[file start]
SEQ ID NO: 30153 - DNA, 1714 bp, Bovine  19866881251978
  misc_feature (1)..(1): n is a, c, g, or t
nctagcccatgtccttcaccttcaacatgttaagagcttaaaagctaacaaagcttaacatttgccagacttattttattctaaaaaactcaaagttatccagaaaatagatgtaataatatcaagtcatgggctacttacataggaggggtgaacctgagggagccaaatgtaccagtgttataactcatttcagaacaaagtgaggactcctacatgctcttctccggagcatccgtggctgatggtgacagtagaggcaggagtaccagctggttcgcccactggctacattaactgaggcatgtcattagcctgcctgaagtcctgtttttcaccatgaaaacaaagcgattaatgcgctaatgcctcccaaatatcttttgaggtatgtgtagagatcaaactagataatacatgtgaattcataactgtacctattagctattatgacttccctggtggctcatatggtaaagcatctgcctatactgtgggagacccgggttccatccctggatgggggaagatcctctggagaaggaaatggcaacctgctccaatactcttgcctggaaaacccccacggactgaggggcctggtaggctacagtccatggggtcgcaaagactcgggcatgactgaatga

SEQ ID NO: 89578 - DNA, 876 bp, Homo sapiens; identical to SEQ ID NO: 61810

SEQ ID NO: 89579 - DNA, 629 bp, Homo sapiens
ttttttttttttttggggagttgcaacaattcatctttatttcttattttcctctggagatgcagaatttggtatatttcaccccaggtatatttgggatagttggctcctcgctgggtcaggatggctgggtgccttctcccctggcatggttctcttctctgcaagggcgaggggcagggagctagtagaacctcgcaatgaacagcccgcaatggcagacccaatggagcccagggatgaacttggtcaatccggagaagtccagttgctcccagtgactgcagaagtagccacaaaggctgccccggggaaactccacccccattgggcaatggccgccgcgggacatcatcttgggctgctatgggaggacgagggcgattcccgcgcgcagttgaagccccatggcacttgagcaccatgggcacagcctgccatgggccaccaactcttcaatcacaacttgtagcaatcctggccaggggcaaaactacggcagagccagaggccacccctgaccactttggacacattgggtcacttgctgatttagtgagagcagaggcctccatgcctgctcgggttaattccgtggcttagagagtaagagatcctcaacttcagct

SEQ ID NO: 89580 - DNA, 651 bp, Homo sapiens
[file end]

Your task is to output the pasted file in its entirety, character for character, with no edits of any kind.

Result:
SEQ ID NO: 30153 - DNA, 1714 bp, Bovine  19866881251978
  misc_feature (1)..(1): n is a, c, g, or t
nctagcccatgtccttcaccttcaacatgttaagagcttaaaagctaacaaagcttaacatttgccagacttattttattctaaaaaactcaaagttatccagaaaatagatgtaataatatcaagtcatgggctacttacataggaggggtgaacctgagggagccaaatgtaccagtgttataactcatttcagaacaaagtgaggactcctacatgctcttctccggagcatccgtggctgatggtgacagtagaggcaggagtaccagctggttcgcccactggctacattaactgaggcatgtcattagcctgcctgaagtcctgtttttcaccatgaaaacaaagcgattaatgcgctaatgcctcccaaatatcttttgaggtatgtgtagagatcaaactagataatacatgtgaattcataactgtacctattagctattatgacttccctggtggctcatatggtaaagcatctgcctatactgtgggagacccgggttccatccctggatgggggaagatcctctggagaaggaaatggcaacctgctccaatactcttgcctggaaaacccccacggactgaggggcctggtaggctacagtccatggggtcgcaaagactcgggcatgactgaatga

SEQ ID NO: 89578 - DNA, 876 bp, Homo sapiens; identical to SEQ ID NO: 61810

SEQ ID NO: 89579 - DNA, 629 bp, Homo sapiens
ttttttttttttttggggagttgcaacaattcatctttatttcttattttcctctggagatgcagaatttggtatatttcaccccaggtatatttgggatagttggctcctcgctgggtcaggatggctgggtgccttctcccctggcatggttctcttctctgcaagggcgaggggcagggagctagtagaacctcgcaatgaacagcccgcaatggcagacccaatggagcccagggatgaacttggtcaatccggagaagtccagttgctcccagtgactgcagaagtagccacaaaggctgccccggggaaactccacccccattgggcaatggccgccgcgggacatcatcttgggctgctatgggaggacgagggcgattcccgcgcgcagttgaagccccatggcacttgagcaccatgggcacagcctgccatgggccaccaactcttcaatcacaacttgtagcaatcctggccaggggcaaaactacggcagagccagaggccacccctgaccactttggacacattgggtcacttgctgatttagtgagagcagaggcctccatgcctgctcgggttaattccgtggcttagagagtaagagatcctcaacttcagct

SEQ ID NO: 89580 - DNA, 651 bp, Homo sapiens